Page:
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“There is no other option; we have to feed our families…who else would do it?”: The Financial Lives of Women Engaging in Sex Work in Ulaanbaatar, Mongolia

Introduction: This article provides an overview of the financial lives of women (n = 204) engaging in sex work in Ulaanbaatar, Mongolia.

Methods: This paper presents findings from a computer-based, interviewer-administered baseline assessment administered with women recruited for participation in a randomized controlled trial testing the feasibility of a combined HIV risk reduction and savings-led microfinance intervention for women engaging in sex work in Mongolia.

Findings: Findings demonstrate that most women are the primary financial providers for their households, using an array of earning strategies to provide for themselves and other dependents, with sex work often constituting the primary household income source. Financial instability in the lives of people engaging in sex work may increase their risk for HIV and STIs due to a compromised ability to negotiate safer sex with partners in times of economic crisis or need. High levels of financial responsibility for household welfare, when combined with low reported savings, the presence of debt, higher premiums offered for sex without a condom, and high levels of harmful alcohol use, may heighten women’s risk for HIV and other STIs.

Conclusion: Further research that documents the financial lives of people working in sex work is needed in order to understand the complex relationship between financial stability and engagement in sex work, and to inform the development and testing of structural HIV prevention interventions which target the economic determinants of risk. These findings highlight the importance of economic support programming for women engaged in sex work in Mongolia at a time of rapid economic change in Mongolia.

Topic: 
UNI: 
Publication type: 
Author: 
Laura Cordisco Tsai
Susan S. Witte
Toivgoo Aira
Marion Riedel
Hyesung Grace Hwang
Fred M. Ssewamala
Subjects: 
Prostitutes
Women--Finance
Personal
Prostitution--Economic aspects
Title string: 
“There is no other option; we have to feed our families…who else would do it?”: The Financial Lives of Women Engaging in Sex Work in Ulaanbaatar, Mongolia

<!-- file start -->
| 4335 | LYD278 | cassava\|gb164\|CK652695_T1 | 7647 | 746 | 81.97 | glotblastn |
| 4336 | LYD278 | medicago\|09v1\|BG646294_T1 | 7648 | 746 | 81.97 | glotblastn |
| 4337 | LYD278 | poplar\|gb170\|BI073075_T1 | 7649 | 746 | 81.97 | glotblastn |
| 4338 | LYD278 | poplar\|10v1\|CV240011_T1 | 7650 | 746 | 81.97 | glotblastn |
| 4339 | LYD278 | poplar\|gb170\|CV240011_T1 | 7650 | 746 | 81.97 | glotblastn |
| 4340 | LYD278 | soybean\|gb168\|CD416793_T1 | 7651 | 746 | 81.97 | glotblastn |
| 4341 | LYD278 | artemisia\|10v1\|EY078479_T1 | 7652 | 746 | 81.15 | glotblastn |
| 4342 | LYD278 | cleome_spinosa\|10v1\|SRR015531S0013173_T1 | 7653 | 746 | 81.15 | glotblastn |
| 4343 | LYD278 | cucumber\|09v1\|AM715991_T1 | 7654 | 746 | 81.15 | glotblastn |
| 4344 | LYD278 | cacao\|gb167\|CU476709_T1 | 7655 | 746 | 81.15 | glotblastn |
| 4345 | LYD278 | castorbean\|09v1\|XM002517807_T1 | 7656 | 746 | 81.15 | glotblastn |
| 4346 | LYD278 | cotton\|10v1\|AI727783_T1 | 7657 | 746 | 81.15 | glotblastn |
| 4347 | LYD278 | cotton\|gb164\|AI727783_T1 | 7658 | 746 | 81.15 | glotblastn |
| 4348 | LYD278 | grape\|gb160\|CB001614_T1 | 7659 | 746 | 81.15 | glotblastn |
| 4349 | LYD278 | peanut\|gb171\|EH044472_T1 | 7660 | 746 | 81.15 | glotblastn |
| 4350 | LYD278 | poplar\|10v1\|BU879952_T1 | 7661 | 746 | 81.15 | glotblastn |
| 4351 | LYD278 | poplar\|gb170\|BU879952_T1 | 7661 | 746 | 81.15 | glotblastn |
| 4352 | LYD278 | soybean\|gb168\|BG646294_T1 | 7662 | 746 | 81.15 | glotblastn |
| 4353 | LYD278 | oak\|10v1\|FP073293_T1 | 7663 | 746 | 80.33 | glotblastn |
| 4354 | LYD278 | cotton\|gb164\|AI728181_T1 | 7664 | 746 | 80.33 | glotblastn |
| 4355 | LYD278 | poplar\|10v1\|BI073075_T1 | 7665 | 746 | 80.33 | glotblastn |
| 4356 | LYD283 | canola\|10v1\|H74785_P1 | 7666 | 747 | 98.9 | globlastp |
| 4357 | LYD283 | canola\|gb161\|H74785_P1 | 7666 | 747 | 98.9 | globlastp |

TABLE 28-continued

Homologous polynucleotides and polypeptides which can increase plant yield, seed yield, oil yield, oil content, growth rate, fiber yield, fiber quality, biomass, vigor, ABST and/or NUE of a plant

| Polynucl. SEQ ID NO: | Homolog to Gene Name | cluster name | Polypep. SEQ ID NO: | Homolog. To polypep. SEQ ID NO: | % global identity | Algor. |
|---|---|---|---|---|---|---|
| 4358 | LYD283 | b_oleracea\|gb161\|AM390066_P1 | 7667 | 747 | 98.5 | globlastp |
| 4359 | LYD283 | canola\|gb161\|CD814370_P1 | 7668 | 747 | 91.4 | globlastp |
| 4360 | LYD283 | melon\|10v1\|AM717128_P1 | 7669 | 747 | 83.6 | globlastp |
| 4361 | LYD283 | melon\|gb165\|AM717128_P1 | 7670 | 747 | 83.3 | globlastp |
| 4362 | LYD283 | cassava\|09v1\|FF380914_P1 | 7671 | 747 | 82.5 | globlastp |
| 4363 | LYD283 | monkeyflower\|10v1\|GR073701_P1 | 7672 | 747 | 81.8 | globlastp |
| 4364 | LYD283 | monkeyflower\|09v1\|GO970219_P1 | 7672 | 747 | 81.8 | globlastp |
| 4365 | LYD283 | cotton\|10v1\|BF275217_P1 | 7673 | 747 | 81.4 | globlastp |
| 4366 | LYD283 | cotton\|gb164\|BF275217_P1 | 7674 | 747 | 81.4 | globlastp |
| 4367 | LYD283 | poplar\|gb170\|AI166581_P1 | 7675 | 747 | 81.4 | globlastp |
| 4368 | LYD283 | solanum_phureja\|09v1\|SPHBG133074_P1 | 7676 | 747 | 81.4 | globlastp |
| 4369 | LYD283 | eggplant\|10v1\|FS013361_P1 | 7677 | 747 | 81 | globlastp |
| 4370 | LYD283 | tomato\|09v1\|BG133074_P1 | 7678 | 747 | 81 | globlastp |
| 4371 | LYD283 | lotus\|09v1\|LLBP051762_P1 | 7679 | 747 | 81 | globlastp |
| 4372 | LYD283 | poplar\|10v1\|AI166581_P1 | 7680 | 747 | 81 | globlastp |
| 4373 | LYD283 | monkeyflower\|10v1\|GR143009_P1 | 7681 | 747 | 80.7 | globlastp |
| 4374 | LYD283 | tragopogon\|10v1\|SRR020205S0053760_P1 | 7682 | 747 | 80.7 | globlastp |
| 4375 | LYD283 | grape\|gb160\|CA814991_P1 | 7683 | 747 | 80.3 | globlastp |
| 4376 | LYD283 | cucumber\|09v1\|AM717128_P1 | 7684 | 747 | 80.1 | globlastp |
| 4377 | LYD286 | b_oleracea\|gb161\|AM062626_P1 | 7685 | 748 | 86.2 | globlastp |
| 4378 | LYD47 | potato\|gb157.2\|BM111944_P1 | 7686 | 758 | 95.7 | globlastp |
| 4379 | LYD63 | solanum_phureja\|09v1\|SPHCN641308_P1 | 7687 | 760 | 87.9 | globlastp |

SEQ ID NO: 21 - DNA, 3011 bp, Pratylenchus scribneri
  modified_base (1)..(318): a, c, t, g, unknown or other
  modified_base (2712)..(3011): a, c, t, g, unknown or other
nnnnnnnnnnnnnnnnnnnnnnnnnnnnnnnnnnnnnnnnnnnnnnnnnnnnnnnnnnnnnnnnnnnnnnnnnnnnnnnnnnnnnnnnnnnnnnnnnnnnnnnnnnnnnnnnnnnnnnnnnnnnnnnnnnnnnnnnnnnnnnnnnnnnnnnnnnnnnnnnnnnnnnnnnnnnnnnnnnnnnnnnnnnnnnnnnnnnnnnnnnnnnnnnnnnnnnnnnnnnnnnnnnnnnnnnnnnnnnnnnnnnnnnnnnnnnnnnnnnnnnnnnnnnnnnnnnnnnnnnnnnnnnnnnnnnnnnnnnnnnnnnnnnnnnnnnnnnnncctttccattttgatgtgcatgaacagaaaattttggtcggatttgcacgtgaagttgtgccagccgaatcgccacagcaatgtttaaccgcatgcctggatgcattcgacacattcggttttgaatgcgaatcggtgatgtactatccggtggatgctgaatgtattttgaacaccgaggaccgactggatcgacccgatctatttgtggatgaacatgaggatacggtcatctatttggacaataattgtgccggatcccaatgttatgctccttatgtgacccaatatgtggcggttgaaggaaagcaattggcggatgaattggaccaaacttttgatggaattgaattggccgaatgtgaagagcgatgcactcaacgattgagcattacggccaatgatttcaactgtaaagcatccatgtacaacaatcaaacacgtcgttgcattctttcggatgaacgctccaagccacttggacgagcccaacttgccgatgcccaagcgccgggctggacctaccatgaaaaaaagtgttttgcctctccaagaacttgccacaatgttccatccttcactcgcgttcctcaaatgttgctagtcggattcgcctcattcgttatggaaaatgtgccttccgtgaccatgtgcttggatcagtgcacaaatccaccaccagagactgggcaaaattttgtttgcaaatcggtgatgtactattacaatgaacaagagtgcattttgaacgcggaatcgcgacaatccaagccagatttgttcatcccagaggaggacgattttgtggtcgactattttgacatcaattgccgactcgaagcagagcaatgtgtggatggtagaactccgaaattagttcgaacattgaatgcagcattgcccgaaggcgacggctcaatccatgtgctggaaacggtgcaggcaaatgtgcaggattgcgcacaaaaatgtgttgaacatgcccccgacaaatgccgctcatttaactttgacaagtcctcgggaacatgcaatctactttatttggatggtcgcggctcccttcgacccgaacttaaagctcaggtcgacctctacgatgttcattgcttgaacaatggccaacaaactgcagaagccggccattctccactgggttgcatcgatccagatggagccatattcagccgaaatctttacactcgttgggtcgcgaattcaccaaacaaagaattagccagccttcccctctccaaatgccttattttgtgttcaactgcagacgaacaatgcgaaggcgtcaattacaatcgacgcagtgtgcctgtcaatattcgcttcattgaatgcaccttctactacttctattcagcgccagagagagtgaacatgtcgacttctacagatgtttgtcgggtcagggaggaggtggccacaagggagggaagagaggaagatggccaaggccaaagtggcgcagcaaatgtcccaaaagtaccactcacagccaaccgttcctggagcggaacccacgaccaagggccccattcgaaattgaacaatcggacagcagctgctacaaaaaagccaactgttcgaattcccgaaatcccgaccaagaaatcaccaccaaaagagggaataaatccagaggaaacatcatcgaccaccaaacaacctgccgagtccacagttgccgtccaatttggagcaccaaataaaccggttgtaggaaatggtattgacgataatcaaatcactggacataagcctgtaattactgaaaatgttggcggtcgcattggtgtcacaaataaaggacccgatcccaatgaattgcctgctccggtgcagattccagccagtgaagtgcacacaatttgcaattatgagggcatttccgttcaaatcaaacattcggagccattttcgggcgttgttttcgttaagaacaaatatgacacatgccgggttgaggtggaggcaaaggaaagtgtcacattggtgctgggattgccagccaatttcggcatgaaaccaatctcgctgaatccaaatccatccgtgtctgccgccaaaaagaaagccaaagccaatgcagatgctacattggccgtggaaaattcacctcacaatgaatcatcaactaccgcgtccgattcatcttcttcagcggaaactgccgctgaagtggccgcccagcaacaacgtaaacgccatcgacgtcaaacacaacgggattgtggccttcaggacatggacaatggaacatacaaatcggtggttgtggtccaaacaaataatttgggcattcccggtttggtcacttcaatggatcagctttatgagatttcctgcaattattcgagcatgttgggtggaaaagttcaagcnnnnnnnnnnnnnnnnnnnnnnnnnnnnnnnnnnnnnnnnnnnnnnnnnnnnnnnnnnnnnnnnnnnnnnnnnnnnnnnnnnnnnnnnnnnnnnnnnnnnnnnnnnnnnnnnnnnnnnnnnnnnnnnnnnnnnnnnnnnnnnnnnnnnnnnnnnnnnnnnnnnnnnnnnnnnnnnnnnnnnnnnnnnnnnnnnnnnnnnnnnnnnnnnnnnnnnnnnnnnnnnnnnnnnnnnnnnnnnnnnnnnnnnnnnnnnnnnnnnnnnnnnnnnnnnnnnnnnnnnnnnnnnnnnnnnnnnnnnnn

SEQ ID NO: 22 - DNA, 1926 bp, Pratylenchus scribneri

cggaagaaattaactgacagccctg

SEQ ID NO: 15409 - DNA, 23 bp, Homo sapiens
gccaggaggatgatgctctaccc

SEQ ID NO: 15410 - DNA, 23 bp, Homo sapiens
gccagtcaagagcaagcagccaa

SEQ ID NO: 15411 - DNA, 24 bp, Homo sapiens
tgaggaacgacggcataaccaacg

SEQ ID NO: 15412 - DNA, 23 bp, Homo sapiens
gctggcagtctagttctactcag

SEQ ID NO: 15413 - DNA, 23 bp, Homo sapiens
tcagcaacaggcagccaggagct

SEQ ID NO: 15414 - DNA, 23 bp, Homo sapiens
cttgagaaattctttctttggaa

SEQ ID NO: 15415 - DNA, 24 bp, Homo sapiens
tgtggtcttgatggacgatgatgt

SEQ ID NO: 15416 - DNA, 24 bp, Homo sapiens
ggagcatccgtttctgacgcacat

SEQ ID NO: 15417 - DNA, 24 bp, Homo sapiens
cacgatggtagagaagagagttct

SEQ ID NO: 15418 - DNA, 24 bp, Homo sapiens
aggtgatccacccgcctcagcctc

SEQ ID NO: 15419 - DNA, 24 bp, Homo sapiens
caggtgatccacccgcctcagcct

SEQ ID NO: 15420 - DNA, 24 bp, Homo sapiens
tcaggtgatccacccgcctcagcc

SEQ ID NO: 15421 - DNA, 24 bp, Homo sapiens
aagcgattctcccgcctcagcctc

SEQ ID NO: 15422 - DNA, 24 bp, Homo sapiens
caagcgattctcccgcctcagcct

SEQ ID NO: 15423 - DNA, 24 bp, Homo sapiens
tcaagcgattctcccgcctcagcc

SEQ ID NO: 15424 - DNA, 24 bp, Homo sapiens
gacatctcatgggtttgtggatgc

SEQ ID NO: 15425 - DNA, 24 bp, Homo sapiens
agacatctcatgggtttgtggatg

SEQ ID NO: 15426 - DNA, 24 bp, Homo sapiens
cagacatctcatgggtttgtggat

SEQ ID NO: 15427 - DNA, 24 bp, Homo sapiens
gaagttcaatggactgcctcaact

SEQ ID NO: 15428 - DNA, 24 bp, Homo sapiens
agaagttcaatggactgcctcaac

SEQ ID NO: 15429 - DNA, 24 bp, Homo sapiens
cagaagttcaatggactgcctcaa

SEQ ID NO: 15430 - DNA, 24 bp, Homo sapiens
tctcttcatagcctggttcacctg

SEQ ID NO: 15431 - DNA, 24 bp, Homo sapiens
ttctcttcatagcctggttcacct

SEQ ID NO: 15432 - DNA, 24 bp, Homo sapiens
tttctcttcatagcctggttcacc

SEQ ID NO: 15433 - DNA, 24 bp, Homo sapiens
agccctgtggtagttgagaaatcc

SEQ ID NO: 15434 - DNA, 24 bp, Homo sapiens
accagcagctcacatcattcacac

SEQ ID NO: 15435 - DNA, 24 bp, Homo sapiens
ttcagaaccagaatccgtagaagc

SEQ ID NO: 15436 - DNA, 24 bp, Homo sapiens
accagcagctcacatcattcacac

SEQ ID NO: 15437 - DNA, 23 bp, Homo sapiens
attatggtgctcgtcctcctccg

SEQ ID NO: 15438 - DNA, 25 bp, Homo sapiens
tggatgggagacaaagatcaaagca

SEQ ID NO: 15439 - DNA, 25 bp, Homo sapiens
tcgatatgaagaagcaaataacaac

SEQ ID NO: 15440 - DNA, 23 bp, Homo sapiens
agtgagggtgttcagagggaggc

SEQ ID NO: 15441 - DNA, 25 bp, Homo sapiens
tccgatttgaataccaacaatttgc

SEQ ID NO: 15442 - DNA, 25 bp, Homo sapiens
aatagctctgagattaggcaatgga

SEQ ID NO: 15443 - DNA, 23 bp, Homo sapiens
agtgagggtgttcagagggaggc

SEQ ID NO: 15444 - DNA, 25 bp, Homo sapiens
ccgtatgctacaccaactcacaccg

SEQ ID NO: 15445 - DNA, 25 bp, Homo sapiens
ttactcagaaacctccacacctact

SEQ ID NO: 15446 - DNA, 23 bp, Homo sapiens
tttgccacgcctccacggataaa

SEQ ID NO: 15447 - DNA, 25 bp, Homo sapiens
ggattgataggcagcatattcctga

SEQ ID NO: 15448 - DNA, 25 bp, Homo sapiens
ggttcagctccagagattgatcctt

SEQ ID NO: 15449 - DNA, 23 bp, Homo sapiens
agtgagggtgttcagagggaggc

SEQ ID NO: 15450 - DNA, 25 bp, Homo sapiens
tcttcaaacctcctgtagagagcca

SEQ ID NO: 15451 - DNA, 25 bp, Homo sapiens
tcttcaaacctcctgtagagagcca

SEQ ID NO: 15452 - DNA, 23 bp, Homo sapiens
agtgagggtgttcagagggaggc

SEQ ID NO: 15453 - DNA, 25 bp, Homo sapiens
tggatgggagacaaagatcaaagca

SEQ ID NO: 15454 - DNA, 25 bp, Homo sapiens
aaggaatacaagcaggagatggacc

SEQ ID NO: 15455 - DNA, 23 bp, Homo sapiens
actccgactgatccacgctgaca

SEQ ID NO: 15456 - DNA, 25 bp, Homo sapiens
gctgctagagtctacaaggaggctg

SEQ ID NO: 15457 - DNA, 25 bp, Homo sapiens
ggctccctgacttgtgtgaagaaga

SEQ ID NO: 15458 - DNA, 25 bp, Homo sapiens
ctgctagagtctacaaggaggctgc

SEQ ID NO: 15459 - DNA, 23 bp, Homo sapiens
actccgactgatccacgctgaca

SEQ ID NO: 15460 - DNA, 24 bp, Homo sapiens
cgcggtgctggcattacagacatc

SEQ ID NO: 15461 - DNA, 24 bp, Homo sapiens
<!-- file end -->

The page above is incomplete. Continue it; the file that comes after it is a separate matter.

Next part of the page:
GUID update: 
https://academiccommons.columbia.edu/catalog/ac:wh70rxwdfm

Systematizing Planning and Formative Phases of HIV Prevention Research: Case Studies from Brazil, Mongolia, and Kazakhstan

Objectives
International Community-Based Participatory Research (CBPR) is vulnerable to contextual, political, and interpersonal issues that may hamper researchers’ abilities to develop and sustain partnerships with local communities. This paper responds to a call for systematizing CBPR practices and to the urgent need for frameworks with potential to facilitate partnership building between researchers and communities in both “developed” and “developing” countries.

Methods
Using three brief case examples, each from a different context, with different partners and varied research questions, we demonstrate how to apply the International Participatory Research Framework (IPRF).

Results
IPRF consists of triangulated procedures (steps and actions) that can facilitate known participatory outcomes: (1) community-defined research goals, (2) capacity for further research, and (3) policies and programs grounded in research.

Conclusions
We show how the application of this model is particularly helpful in the planning and formative phases of CBPR. Other partnerships can use this framework in its entirety or aspects thereof, in different contexts. Further evaluation of how this framework can help other international partnerships, studying myriad diseases and conditions, should be a focus of future international CBPR.

Publication type: 
Author: 
Rog Pintoério M.
Anya Y. Spector
Susan S. Witte
Louisa Gilbert
Subjects: 
HIV infections—Prevention
Participant observation
International cooperation
Title string: 
Systematizing Planning and Formative Phases of HIV Prevention Research: Case Studies from Brazil, Mongolia, and Kazakhstan
GUID update: 
https://academiccommons.columbia.edu/catalog/ac:rr4xgxd27p

Physical and sexual violence, childhood sexual abuse and HIV/STI risk behaviour among alcohol-using women engaged in sex work in Mongolia

Although the prevalence of human immunodeficiency virus (HIV) in Mongolia is low, it could increase without strategic prevention strategies. Female sex workers (FSWs) often experience barriers to prevention, including interpersonal violence. This study investigated if childhood sexual abuse (CSA) or recent physical or sexual violence was associated with HIV sexual risk behaviours and if CSA modified associations between recent violence and HIV sexual risk behaviours. Two-hundred twenty-two women who (1) were at least 18 years old and clients at the National AIDS Foundation; (2) reported vaginal or anal sex in the past 90 days in exchange for money or goods and (3) met criteria for harmful alcohol use in the past year were enrolled. In-person interviews assessed sexual risk behaviours and violence in childhood and adulthood. Negative binomial regression, ordinary least squares regression and modified Poisson regression were performed. Sexual risk with paying partners was associated with penetrative CSA and sexual violence by paying partners. CSA and recent violence were not associated with sexual risk behaviours with intimate partners. CSA modified the association between recent sexual violence and unprotected sex with intimate partners. Findings highlight the need for integrated violence and sexual risk reduction services to ensure safe and effective prevention for FSWs.

Topic: 
Publication type: 
Author: 
Angela M. Parcesepe
Toivgoo Aira
Mingway P. Chang
Marion Riedel
Catherine E. Carlson
Rebecca DiBennardo
Susan S. Witte
Subjects: 
Sexual abuse victims
Public health
Prostitutes--Violence against
HIV infections--Risk factors
Women--Alcohol use
Title string: 
Physical and sexual violence, childhood sexual abuse and HIV/STI risk behaviour among alcohol-using women engaged in sex work in Mongolia
GUID update: 
https://academiccommons.columbia.edu/catalog/ac:fxpnvx0k8m